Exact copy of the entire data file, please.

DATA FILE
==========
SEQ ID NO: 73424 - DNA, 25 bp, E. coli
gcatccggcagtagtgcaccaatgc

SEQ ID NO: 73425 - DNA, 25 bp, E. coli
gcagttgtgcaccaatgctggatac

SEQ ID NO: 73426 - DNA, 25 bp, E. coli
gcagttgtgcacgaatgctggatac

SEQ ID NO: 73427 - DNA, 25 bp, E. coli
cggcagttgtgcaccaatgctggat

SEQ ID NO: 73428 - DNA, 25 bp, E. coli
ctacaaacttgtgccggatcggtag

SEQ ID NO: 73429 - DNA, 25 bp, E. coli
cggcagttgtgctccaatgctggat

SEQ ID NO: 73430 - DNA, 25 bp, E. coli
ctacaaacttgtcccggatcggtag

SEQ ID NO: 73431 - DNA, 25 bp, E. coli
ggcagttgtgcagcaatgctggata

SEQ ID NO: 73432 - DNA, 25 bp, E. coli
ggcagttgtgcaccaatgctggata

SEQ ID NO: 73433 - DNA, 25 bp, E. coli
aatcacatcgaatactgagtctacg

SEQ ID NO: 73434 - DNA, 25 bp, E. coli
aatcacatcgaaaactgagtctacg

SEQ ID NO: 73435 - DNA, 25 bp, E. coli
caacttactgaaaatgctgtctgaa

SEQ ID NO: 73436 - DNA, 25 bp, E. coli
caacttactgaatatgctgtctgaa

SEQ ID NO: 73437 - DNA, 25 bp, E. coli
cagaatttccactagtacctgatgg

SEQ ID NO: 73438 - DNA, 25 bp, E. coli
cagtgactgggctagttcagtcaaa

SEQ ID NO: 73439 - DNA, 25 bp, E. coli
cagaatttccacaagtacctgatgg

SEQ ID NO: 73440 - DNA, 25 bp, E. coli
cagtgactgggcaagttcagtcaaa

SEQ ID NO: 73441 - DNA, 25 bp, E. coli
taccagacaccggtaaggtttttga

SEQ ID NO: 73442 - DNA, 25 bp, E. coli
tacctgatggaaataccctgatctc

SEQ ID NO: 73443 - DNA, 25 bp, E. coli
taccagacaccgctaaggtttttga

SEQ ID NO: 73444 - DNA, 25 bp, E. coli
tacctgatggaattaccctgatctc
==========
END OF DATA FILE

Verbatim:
SEQ ID NO: 73424 - DNA, 25 bp, E. coli
gcatccggcagtagtgcaccaatgc

SEQ ID NO: 73425 - DNA, 25 bp, E. coli
gcagttgtgcaccaatgctggatac

SEQ ID NO: 73426 - DNA, 25 bp, E. coli
gcagttgtgcacgaatgctggatac

SEQ ID NO: 73427 - DNA, 25 bp, E. coli
cggcagttgtgcaccaatgctggat

SEQ ID NO: 73428 - DNA, 25 bp, E. coli
ctacaaacttgtgccggatcggtag

SEQ ID NO: 73429 - DNA, 25 bp, E. coli
cggcagttgtgctccaatgctggat

SEQ ID NO: 73430 - DNA, 25 bp, E. coli
ctacaaacttgtcccggatcggtag

SEQ ID NO: 73431 - DNA, 25 bp, E. coli
ggcagttgtgcagcaatgctggata

SEQ ID NO: 73432 - DNA, 25 bp, E. coli
ggcagttgtgcaccaatgctggata

SEQ ID NO: 73433 - DNA, 25 bp, E. coli
aatcacatcgaatactgagtctacg

SEQ ID NO: 73434 - DNA, 25 bp, E. coli
aatcacatcgaaaactgagtctacg

SEQ ID NO: 73435 - DNA, 25 bp, E. coli
caacttactgaaaatgctgtctgaa

SEQ ID NO: 73436 - DNA, 25 bp, E. coli
caacttactgaatatgctgtctgaa

SEQ ID NO: 73437 - DNA, 25 bp, E. coli
cagaatttccactagtacctgatgg

SEQ ID NO: 73438 - DNA, 25 bp, E. coli
cagtgactgggctagttcagtcaaa

SEQ ID NO: 73439 - DNA, 25 bp, E. coli
cagaatttccacaagtacctgatgg

SEQ ID NO: 73440 - DNA, 25 bp, E. coli
cagtgactgggcaagttcagtcaaa

SEQ ID NO: 73441 - DNA, 25 bp, E. coli
taccagacaccggtaaggtttttga

SEQ ID NO: 73442 - DNA, 25 bp, E. coli
tacctgatggaaataccctgatctc

SEQ ID NO: 73443 - DNA, 25 bp, E. coli
taccagacaccgctaaggtttttga

SEQ ID NO: 73444 - DNA, 25 bp, E. coli
tacctgatggaattaccctgatctc